American Treaties and Diplomacy from William Reese Co.
By Michael Stillman
The latest William Reese Company catalogue (238) is a collection of "American Treaties and Diplomacy." The focus is on treaties involving the American continent made over a period of almost 500 years, plus other diplomatic material associated with them. While much involves the nation on the North American continent that would declare its independence in 1776, there are many treaties involving South and Central American nations, and other European treaties which affected the Americas.
While the formation and expansion of the United States is only part of what is dealt with by these treaties, we will limit ourselves to those items. Otherwise, there is far too much to cover. We will mention some of the items in this catalogue which show the development of the British colonies in North America, and after the Revolution, the expansion of the new nation formed from them.
The Twelve Years' Truce signed in 1609 between Holland and Spain was significant to North America because it was the first time Spain acknowledged the right of a non-Iberian nation to sail to the Americas, and opened the door to such nations' having colonies. Up to that point, the new world was dominated by Spain, except for Brazil, ceded to Portugal. Item 2 is a copy of this treaty, Tractaet Van 'T Bestant... Priced at $2,250. That would be followed by the Treaty of Madrid, which allowed the British free trade in North America, and to establish colonies in uninhabited areas (as had already begun). Item 3 is the first Lisbon edition of this 1630 treaty, printed in 1633, Capitulacoes de Paz Feita... $3,250.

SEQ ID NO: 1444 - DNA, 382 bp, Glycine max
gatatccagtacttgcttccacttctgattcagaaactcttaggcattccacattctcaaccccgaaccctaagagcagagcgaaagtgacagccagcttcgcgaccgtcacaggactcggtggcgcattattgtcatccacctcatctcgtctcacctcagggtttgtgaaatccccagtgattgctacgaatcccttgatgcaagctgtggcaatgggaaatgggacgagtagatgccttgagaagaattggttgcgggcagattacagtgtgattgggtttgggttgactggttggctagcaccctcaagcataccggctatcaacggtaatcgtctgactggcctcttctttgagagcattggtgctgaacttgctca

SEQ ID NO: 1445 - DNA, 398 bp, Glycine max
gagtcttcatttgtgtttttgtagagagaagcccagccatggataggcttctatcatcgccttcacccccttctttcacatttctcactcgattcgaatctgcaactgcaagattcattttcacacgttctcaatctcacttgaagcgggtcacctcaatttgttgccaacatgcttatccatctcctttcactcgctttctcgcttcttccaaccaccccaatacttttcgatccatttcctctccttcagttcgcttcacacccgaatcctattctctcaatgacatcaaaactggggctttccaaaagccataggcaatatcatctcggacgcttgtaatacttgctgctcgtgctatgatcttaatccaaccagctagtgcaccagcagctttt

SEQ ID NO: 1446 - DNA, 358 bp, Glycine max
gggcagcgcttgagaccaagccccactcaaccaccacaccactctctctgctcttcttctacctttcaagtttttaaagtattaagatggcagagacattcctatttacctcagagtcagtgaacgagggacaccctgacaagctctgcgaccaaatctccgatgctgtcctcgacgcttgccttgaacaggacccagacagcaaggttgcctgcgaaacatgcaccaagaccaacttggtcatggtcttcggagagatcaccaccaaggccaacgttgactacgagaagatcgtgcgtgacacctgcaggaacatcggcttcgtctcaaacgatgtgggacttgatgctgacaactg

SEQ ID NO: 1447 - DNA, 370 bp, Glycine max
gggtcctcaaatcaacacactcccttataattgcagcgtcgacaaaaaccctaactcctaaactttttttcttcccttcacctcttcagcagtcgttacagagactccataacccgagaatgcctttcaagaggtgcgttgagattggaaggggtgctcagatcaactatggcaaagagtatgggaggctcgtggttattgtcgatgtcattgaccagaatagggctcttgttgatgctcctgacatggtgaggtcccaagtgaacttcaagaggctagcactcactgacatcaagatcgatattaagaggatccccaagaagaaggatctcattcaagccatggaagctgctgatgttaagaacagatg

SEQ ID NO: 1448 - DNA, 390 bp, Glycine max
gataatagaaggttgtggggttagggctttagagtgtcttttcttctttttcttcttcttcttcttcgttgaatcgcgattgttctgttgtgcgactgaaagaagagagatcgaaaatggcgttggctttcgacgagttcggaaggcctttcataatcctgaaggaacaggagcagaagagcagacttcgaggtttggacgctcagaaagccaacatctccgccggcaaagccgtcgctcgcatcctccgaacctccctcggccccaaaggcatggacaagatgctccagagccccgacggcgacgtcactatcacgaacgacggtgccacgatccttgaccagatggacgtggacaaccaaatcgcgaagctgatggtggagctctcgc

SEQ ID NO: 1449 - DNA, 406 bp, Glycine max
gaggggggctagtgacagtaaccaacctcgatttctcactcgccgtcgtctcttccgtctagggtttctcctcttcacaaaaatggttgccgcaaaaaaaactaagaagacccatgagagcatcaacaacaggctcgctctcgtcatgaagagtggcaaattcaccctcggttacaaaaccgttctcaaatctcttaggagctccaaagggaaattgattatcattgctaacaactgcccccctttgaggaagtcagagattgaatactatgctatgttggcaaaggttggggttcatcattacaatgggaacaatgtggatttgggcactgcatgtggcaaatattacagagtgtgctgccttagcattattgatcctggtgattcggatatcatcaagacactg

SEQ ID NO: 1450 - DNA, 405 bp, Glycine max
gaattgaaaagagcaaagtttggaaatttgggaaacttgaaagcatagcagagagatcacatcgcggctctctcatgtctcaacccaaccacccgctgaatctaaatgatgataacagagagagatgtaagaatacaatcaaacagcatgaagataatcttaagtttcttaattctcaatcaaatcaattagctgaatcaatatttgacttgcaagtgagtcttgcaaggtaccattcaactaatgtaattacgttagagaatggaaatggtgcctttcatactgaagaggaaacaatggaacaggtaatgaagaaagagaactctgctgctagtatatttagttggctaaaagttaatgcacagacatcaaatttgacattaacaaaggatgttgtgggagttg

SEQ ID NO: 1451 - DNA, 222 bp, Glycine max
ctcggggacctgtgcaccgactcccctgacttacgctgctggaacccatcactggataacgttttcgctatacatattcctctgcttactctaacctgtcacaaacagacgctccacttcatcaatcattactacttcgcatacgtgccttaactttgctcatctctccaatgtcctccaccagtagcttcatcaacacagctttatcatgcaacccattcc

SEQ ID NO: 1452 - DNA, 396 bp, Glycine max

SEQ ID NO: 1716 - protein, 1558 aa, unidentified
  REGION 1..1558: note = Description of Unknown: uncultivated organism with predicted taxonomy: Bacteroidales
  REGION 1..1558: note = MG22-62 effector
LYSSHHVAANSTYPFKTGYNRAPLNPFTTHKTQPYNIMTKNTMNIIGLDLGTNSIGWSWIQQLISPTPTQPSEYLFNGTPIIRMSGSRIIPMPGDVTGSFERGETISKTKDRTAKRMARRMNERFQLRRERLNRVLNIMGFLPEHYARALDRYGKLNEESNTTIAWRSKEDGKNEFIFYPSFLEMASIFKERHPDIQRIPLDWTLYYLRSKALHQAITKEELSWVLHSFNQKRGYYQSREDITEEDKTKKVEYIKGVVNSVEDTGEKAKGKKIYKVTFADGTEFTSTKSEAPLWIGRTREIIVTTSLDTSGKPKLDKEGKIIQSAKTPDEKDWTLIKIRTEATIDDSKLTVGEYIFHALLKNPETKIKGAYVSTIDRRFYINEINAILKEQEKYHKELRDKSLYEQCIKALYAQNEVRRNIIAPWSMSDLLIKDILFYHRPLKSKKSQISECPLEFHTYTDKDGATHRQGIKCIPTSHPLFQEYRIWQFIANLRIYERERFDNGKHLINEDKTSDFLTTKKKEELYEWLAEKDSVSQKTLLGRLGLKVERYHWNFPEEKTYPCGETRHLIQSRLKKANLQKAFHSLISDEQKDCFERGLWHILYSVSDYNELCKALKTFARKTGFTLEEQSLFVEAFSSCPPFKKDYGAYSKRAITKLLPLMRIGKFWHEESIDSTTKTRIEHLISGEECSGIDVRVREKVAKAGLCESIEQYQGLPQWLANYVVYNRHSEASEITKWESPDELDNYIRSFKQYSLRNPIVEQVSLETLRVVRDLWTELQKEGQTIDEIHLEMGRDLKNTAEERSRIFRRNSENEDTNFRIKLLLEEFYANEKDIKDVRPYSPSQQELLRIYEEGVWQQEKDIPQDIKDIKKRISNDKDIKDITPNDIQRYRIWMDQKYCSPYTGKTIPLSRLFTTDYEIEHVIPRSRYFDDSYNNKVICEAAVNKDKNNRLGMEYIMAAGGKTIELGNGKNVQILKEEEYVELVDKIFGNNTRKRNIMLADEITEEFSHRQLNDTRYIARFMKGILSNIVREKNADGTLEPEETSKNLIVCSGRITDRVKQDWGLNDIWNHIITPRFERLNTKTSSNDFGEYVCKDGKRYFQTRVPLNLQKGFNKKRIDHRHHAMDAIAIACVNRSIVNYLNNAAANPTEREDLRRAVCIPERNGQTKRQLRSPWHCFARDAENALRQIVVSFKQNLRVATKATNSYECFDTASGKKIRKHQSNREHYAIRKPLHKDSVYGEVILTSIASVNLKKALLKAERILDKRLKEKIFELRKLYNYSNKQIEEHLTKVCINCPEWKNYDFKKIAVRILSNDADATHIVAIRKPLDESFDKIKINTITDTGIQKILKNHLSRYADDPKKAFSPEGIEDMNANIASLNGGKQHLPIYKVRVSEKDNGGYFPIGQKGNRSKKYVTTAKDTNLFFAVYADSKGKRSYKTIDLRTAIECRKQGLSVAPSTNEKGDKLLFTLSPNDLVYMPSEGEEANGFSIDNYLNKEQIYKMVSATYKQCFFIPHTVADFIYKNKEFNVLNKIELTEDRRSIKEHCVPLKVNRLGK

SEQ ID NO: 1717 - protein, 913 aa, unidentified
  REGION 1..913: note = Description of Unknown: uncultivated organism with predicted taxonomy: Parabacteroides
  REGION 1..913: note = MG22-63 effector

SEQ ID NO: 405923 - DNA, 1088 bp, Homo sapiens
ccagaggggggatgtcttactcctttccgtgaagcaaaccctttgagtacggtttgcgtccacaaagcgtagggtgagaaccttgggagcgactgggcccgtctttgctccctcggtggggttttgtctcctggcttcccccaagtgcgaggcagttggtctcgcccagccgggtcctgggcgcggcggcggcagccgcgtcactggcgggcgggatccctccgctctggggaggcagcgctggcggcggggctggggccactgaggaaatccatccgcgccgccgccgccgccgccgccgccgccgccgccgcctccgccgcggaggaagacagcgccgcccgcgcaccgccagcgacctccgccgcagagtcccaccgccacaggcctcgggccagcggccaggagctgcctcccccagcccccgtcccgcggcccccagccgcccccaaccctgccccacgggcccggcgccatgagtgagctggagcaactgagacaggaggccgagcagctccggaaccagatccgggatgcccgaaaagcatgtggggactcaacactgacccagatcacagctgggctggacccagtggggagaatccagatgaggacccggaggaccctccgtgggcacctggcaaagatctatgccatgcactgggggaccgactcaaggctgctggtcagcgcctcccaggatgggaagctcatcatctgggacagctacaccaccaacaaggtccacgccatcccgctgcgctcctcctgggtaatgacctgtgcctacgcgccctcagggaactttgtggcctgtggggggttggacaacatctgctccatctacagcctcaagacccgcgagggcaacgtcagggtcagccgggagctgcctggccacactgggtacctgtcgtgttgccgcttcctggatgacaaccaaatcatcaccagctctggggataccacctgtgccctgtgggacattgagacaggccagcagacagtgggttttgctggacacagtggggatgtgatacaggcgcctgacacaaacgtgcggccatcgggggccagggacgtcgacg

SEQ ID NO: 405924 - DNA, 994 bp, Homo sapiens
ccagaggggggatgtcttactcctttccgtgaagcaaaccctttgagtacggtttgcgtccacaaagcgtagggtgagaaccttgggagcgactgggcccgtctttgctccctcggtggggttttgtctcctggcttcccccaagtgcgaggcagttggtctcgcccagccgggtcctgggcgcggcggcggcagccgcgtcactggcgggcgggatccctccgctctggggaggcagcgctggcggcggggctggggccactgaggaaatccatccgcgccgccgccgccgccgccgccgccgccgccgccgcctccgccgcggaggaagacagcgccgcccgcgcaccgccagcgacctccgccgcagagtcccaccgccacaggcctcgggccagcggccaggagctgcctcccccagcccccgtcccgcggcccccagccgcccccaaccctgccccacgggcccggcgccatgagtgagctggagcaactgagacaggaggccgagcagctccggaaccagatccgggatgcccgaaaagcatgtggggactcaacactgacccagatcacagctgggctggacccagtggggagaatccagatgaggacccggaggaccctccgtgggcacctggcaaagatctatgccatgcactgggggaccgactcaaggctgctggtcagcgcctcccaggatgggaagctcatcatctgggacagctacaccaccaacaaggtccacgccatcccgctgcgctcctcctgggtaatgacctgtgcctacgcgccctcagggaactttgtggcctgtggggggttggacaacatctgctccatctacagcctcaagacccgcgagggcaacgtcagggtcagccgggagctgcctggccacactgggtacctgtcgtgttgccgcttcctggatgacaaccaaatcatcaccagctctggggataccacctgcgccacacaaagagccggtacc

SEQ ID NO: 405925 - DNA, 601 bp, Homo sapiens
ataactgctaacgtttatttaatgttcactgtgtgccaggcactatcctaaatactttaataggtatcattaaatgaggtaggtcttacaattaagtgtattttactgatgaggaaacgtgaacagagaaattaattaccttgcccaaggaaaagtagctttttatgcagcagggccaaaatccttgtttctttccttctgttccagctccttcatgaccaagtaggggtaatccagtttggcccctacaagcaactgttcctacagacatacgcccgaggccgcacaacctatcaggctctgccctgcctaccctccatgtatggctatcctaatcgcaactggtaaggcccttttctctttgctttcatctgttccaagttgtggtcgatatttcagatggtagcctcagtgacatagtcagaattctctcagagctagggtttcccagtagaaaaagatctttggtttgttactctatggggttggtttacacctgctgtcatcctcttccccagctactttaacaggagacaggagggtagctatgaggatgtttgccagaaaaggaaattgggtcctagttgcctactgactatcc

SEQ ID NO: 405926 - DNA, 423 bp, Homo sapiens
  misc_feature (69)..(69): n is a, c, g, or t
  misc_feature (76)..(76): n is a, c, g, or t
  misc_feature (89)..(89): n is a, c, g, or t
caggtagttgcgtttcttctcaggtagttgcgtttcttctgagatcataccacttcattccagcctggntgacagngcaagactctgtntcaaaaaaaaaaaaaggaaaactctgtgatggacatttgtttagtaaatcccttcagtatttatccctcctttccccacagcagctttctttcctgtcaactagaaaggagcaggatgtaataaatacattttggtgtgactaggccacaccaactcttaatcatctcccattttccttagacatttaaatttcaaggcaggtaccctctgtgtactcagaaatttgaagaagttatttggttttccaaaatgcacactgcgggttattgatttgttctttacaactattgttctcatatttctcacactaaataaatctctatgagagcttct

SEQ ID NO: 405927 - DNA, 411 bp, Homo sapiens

Item 9 is a copy of the Treaty of Westminster, Articuli Pacis & Amicitiae... In this 1674 treaty, the weakened Dutch ceded New York City to the British for the final time. It would allow England to take complete control of the Mid-Atlantic region. The seeds were now sown for the creation of a series of colonies with the same language and background that, a century later, would be able to unite to form a new country. $2,250.
The main competition in North America for the next century would be between the British and French. In 1686, an interesting treaty was signed by those two powers, the Treaty of Whitehall. The European powers were constantly fighting among themselves, so to prevent these rivalries from spilling over to America, they agreed that their European wars would not be carried on in America. Whatever battles they might be engaged in at home, business was to carry on as usual in America. It may have helped, but by the middle of the next century, these two European powers would be back at each other's throats on the American continent. Item 13, Treaty of Peace, Good Correspondence & Neutrality in America.... $2,750.